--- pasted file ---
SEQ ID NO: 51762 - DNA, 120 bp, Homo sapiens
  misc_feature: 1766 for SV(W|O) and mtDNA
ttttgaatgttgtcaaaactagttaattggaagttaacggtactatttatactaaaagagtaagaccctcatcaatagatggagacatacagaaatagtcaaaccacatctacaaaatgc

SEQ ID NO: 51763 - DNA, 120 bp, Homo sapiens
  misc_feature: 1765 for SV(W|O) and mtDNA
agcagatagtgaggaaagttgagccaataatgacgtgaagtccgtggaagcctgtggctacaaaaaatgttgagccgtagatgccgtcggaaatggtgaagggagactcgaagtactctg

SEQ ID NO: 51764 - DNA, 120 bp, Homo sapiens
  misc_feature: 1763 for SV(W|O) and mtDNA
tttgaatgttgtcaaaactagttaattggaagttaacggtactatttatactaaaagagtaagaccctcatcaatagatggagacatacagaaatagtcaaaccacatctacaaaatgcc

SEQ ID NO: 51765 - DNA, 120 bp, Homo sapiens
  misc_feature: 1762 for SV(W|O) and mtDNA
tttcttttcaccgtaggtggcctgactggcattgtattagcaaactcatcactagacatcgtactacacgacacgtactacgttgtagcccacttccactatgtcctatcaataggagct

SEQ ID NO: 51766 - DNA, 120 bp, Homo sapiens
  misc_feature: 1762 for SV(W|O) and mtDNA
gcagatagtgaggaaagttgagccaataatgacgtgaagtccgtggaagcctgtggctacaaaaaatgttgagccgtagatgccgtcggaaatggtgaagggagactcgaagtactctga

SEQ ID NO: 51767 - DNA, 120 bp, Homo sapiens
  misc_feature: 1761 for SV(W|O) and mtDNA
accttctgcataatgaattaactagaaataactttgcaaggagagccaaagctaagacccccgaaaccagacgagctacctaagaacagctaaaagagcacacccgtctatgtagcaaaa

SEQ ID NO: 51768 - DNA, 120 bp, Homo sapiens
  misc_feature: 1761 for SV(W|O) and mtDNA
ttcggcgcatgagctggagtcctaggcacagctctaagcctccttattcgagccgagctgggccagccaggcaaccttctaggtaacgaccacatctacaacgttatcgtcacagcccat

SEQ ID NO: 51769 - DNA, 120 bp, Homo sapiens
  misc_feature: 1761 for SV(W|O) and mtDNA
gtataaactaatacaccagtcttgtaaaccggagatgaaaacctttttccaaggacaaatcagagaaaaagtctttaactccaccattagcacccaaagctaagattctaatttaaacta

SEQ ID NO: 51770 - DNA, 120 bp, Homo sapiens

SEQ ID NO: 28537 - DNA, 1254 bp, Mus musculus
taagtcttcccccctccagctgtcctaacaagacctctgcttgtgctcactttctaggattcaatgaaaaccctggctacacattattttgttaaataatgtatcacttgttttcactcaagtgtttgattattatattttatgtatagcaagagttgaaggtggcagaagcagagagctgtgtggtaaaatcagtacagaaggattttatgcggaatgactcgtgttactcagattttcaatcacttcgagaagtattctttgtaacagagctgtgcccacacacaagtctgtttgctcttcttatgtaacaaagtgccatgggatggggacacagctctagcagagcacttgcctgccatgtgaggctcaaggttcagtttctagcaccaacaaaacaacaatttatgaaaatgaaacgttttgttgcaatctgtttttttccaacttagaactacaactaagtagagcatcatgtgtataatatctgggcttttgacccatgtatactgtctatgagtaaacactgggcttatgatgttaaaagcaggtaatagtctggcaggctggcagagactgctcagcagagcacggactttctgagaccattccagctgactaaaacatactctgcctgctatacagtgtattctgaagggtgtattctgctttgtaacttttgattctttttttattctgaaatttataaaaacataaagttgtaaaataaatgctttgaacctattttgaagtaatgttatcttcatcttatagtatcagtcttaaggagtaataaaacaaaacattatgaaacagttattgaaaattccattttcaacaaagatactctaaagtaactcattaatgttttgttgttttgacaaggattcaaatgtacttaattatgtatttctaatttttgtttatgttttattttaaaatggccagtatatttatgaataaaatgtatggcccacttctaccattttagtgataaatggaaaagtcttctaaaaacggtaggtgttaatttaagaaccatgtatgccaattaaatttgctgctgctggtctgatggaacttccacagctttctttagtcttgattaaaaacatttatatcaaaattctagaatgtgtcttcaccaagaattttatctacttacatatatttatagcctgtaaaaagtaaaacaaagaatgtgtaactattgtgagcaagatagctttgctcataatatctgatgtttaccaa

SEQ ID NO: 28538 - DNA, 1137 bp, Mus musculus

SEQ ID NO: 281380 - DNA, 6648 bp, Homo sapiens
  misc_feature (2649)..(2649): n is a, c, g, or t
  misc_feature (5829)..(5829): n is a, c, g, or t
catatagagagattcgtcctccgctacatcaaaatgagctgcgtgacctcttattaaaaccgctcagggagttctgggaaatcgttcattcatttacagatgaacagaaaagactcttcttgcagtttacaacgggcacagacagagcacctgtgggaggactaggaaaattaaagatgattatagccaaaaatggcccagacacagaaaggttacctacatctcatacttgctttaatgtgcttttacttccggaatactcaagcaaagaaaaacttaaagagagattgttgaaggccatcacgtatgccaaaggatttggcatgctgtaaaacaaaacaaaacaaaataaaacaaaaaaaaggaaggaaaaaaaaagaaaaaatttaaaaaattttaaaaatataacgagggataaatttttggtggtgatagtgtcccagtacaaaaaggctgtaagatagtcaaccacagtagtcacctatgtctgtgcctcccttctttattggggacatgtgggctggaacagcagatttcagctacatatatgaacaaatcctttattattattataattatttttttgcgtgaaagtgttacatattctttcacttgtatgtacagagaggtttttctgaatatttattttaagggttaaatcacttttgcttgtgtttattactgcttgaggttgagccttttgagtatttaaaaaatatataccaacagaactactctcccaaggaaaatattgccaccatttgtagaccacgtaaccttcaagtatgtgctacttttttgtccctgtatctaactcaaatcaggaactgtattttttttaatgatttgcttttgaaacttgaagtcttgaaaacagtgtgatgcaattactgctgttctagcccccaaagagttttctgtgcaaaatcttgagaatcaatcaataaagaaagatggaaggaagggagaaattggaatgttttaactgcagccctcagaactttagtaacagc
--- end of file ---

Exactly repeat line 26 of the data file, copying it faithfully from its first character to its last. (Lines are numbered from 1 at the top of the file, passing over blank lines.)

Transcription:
SEQ ID NO: 28537 - DNA, 1254 bp, Mus musculus